Employment Cases Update

Takavarasha v London Borough of Newham & Ors UKEAT/0077/12/MC

Date published: 19/09/2013

Appeal against the rejection of the claimant's claims, which included race discrimination, and a costs order made against the claimant. Appeal dismissed.

The claimant made claims of race discrimination, victimisation, disability discrimination and unfair dismissal arising out of his employment with the respondent. All his claims were dismissed and he was ordered to pay £1,500 towards the respondent's costs. He appealed against the rejection of his claims and the costs order and, despite the respondent offering to forgo the costs order if he dropped the appeal, the claimant pressed ahead with the hearing.

The EAT not only dismissed the appeal but ordered the claimant to pay a further £2,500 towards the respondent's costs, taking account of his means and the Burns-Barke answers which wholly undermined the first two grounds of appeal.
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Appeal No. UKEAT/0077/12/MC

EMPLOYMENT APPEAL TRIBUNAL

FLEETBANK HOUSE, 2-6 SALISBURY SQUARE, LONDON EC4Y 8JX

At the Tribunal

On 7 June 2013

Before

HIS HONOUR JUDGE PETER CLARK

MR G LEWIS

MS P TATLOW

MR TAKAVARASHA (APPELLANT)

(1) LONDON BOROUGH OF NEWHAM

(2) MR R STEEL

(3) MR D CHUDGAR

(4) MR A BEATTIE (RESPONDENTS)

Transcript of Proceedings

JUDGMENT

APPEARANCES

For the Appellant
MR CHARLES PRICE (of Counsel)
Direct Public Access Scheme

For the Respondents
MR JONATHAN BERTRAM (of Counsel)
Instructed by:
London Borough of Newham
Legal Services
Ground Floor – East Wing
Newham Dockside
1000 Dockside Road
London
E16 2QU

SUMMARY

PRACTICE AND PROCEDURE

Appellate jurisdiction/reasons/Burns-Barke

Costs

Two out of three grounds permitted to proceed to full hearing at a preliminary hearing fell away in light of the Employment Tribunal answers to Burns-Barke questions then raised.

No error of law by ET in awarding costs against the Appellant reflecting his earning potential.

Costs ordered in the appeal, again taking account of his means and the Burns-Barke answers which wholly undermined the first two grounds of appeal.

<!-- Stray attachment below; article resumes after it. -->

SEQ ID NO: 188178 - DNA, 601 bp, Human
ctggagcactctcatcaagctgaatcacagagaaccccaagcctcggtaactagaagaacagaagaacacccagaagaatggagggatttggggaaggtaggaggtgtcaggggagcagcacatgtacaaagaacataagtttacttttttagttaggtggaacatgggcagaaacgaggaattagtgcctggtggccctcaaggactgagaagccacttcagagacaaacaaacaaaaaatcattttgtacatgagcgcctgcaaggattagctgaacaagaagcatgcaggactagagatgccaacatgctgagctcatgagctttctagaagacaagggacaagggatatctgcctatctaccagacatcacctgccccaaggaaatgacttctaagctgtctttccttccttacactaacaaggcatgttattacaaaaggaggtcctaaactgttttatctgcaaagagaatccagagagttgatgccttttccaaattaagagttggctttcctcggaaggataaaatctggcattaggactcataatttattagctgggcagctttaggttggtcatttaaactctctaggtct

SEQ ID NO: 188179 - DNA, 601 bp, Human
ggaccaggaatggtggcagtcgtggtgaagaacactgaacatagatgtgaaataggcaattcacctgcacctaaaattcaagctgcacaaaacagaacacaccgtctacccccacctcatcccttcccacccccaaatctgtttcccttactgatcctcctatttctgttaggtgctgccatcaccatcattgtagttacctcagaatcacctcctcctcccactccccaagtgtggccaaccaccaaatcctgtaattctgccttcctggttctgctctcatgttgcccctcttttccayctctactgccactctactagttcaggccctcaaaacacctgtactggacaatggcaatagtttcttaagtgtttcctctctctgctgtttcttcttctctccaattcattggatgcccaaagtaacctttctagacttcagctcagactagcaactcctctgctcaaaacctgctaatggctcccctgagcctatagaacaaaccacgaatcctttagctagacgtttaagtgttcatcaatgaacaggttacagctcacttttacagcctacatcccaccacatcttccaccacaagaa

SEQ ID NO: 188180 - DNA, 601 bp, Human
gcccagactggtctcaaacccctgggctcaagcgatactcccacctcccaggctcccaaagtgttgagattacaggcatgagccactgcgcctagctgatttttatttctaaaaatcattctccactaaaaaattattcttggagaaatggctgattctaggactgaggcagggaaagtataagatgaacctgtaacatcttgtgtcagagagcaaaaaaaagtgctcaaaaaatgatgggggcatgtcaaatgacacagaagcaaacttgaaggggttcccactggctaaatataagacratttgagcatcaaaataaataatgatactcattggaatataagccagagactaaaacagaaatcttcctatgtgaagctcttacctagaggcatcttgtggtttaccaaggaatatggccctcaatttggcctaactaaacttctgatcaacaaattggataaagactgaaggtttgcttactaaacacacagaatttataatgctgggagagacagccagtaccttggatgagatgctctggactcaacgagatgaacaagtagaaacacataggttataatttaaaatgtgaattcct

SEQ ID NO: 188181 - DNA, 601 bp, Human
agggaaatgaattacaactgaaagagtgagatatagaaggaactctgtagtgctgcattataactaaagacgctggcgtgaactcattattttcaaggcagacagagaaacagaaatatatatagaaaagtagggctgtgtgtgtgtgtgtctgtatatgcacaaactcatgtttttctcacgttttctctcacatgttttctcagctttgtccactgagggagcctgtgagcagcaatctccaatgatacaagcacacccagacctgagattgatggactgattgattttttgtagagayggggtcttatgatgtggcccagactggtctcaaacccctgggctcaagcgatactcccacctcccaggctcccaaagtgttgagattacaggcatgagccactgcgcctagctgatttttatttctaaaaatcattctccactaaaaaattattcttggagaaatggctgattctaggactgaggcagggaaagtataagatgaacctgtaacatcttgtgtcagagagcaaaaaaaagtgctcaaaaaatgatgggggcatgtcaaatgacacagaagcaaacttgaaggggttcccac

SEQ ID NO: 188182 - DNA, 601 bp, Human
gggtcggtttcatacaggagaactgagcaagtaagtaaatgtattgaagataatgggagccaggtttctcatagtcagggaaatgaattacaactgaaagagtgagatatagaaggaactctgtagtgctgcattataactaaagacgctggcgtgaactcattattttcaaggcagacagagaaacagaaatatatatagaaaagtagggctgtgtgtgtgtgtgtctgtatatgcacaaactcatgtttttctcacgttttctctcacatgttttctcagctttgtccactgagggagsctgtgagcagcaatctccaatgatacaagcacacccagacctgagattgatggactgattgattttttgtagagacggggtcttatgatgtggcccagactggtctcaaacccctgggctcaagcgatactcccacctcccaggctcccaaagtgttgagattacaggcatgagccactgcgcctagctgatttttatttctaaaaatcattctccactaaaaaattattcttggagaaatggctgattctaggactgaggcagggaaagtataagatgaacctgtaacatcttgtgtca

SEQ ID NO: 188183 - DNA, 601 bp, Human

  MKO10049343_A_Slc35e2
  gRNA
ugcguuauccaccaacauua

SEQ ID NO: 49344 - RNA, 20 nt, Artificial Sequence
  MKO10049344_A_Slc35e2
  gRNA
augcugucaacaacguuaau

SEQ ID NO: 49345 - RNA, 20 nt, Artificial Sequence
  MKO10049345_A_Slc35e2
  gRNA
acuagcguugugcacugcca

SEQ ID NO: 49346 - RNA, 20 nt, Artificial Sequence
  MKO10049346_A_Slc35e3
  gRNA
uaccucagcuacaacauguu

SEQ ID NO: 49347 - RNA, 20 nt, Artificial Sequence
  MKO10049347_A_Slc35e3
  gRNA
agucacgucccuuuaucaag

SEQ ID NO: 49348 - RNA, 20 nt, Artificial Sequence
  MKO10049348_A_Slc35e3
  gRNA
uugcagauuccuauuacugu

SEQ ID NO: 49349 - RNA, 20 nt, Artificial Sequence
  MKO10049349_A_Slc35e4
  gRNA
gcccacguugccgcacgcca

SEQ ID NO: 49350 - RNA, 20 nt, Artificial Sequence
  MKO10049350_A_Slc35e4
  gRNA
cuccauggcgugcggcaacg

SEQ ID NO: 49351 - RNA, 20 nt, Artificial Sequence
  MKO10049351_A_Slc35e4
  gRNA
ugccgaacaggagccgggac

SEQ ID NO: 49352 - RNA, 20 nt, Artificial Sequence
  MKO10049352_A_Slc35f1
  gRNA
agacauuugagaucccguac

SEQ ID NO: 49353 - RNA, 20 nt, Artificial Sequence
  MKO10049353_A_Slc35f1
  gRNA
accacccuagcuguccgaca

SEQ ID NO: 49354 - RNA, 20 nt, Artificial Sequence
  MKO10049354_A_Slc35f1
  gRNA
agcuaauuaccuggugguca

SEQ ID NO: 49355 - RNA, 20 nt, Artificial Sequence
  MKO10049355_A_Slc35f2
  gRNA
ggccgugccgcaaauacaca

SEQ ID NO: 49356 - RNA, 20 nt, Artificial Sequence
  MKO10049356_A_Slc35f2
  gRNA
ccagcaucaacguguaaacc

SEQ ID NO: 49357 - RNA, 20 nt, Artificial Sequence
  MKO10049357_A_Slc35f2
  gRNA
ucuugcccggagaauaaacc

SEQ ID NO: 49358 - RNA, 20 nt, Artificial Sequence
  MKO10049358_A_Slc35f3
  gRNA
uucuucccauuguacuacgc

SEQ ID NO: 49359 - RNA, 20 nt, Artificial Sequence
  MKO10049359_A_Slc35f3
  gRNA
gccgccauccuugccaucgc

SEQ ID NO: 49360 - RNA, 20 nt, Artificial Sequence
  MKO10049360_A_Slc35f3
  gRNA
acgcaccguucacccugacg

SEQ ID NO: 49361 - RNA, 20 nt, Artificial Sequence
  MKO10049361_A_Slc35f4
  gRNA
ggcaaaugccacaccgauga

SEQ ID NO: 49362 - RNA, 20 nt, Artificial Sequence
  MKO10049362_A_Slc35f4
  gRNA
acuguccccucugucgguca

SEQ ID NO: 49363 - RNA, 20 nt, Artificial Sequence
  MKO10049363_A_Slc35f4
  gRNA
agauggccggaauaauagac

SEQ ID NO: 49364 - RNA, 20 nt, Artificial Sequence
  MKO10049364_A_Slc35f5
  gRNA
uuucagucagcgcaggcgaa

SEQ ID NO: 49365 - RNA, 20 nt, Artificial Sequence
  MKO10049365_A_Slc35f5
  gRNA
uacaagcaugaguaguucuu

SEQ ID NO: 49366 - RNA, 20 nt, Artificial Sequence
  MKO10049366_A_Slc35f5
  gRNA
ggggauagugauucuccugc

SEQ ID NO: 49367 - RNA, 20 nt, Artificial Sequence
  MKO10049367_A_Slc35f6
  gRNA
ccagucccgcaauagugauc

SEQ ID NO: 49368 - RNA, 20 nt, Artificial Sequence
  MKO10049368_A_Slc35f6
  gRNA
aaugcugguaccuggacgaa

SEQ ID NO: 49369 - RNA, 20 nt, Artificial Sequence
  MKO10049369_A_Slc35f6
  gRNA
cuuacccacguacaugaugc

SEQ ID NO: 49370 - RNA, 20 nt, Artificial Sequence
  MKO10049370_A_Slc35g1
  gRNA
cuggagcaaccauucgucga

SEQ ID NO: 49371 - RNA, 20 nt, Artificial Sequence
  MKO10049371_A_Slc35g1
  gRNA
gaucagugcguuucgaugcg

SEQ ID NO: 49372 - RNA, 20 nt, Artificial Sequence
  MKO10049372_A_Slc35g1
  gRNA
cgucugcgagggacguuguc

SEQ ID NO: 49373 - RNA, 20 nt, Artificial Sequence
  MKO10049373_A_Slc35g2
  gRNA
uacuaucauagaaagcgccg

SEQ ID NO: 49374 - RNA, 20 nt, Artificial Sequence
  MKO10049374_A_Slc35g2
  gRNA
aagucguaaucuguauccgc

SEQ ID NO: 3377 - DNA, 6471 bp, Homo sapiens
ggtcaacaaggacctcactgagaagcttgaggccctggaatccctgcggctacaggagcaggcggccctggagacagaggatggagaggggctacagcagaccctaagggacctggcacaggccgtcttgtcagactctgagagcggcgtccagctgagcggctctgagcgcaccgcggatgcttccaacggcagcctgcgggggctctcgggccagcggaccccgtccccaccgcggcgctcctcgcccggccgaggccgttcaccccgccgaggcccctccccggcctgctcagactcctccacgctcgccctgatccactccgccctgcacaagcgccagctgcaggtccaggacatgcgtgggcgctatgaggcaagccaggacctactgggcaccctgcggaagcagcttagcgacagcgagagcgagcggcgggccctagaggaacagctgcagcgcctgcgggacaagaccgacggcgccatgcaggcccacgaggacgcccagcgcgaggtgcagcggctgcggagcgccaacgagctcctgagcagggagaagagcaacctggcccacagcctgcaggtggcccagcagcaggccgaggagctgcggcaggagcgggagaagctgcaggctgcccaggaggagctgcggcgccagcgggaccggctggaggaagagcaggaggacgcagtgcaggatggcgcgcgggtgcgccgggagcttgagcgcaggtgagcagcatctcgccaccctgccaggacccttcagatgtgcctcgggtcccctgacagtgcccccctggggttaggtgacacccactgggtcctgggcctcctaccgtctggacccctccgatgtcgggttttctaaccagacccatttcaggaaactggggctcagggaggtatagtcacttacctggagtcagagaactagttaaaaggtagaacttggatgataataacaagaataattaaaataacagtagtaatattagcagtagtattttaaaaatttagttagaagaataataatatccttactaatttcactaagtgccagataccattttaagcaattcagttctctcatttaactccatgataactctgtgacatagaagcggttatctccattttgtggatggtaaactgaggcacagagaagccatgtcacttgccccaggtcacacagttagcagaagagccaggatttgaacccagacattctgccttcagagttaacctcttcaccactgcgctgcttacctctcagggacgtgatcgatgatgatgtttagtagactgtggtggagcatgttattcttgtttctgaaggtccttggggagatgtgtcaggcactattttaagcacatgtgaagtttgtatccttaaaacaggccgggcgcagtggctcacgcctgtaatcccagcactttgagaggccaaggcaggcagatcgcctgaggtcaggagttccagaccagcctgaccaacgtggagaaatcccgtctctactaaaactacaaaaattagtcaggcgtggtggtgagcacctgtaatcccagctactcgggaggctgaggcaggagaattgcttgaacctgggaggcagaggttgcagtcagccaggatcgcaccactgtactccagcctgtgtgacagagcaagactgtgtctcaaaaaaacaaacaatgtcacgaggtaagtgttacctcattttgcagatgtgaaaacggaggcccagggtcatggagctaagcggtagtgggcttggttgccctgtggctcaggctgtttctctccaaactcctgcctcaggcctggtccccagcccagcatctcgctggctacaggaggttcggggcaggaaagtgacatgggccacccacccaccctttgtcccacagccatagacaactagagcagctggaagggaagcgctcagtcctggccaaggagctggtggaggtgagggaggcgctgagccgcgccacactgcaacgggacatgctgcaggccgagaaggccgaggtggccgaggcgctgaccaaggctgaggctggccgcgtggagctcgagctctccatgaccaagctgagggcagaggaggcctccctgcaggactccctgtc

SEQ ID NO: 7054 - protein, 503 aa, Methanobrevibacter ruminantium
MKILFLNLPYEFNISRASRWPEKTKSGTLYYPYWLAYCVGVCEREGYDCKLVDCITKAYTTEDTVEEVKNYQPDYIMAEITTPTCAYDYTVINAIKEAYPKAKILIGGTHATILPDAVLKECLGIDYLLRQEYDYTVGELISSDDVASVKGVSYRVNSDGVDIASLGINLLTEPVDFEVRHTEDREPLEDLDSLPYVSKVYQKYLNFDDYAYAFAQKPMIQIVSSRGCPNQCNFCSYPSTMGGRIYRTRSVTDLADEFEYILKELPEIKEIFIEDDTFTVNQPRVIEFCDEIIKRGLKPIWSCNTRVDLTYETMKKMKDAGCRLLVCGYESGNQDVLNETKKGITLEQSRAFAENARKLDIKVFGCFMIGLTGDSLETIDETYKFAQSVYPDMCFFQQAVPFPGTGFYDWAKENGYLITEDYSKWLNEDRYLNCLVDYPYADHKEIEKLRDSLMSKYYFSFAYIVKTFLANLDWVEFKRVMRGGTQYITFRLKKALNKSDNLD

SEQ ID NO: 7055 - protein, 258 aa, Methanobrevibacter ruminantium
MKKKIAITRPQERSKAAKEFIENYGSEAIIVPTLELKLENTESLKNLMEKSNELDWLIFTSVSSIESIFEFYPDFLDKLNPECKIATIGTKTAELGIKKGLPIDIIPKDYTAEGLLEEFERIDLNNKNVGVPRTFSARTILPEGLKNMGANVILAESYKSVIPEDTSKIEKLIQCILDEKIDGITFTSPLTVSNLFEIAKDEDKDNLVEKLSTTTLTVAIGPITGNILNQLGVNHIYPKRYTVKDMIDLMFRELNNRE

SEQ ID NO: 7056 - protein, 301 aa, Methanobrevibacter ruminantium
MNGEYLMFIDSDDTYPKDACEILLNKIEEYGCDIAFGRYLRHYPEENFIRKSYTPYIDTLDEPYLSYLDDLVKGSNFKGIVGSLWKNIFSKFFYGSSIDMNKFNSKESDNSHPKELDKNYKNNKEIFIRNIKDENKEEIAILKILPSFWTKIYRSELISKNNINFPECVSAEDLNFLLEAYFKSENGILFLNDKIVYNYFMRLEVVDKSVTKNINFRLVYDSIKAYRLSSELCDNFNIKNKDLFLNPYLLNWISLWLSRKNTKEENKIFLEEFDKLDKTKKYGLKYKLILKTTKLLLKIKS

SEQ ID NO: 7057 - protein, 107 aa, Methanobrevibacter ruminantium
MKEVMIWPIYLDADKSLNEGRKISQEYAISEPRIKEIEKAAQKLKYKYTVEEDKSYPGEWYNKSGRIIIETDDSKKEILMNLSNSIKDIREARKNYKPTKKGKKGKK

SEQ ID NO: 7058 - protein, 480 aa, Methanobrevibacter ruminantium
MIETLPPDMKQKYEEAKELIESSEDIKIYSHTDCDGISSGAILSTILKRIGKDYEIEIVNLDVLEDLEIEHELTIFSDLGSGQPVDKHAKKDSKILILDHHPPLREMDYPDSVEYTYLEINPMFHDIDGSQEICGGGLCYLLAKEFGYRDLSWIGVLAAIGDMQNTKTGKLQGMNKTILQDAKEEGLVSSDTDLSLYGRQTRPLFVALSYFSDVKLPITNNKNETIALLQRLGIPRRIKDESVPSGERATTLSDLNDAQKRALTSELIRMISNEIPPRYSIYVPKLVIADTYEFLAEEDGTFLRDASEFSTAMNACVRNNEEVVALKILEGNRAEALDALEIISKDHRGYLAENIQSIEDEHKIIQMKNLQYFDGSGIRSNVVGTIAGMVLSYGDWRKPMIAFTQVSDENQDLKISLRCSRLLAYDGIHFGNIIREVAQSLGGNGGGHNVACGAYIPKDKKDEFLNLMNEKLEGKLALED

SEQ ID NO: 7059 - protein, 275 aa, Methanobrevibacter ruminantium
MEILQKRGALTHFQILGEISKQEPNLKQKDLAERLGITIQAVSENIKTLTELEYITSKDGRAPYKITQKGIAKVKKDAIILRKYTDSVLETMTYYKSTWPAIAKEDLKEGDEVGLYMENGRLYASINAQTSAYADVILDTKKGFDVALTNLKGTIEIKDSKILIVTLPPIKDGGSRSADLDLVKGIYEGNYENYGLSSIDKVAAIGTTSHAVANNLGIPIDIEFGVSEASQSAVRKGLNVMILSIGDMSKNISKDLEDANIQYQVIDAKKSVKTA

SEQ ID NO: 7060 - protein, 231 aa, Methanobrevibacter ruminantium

HIS HONOUR JUDGE PETER CLARK

1. This case was heard by an Employment Tribunal chaired by Employment Judge Haynes sitting at the East London hearing centre on 12-14, 16 and 19-22 September 2011. The parties are Mr Takavarasha (the Claimant) and London Borough of Newham and three others, including a Mr Steel (the Respondents). The Claimant is black and of African ethnic origin. He brought complaints of race discrimination, victimisation, disability discrimination and unfair dismissal arising out of his employment with Newham. The three individual Respondents were also employed by Newham. All claims were dismissed by the Haynes Tribunal by a Judgment with Reasons dated 19 October 2011. The Claimant was ordered to pay a contribution to the Respondent's costs in the sum of £1,500.

2. Against that Judgment the Claimant appealed. The appeal was considered at a preliminary hearing held before a division presided over by HHJ McMullen QC on 13 June 2012. Three grounds of appeal out of eight, settled by Mr Price of counsel, were permitted to proceed to this full hearing. Our Judgment should be read in conjunction with that delivered by Judge McMullen on behalf of the EAT on that occasion. We gratefully adopt the summary there contained, and we now deal with the three grounds permitted to proceed. Two of those grounds were the subject of Burns/Barke questions formulated at paragraph 6 of the EAT preliminary hearing order dated 22 June. The third raises a challenge to the costs order (ground 4). We shall refer to the remaining two grounds as "the Steel issue" (ground 5) and "the internal appeal issue" (ground 8).

The Steel issue

3. In 1997 the Claimant brought a complaint of racial dismissal against Newham, then his employer, and two others, Messrs Hall and Norbury. That matter came on for hearing at the Stratford Tribunal before an Employment Tribunal chaired by Ms Lewzey. We have been shown the Tribunal decision promulgated with Reasons on 29 April 1998 in that case; the claim was dismissed. Mr Steel was also employed by Newham at that time. He dismissed the Claimant on 9 February 2009, on the Respondent's case due to his level of sickness absence.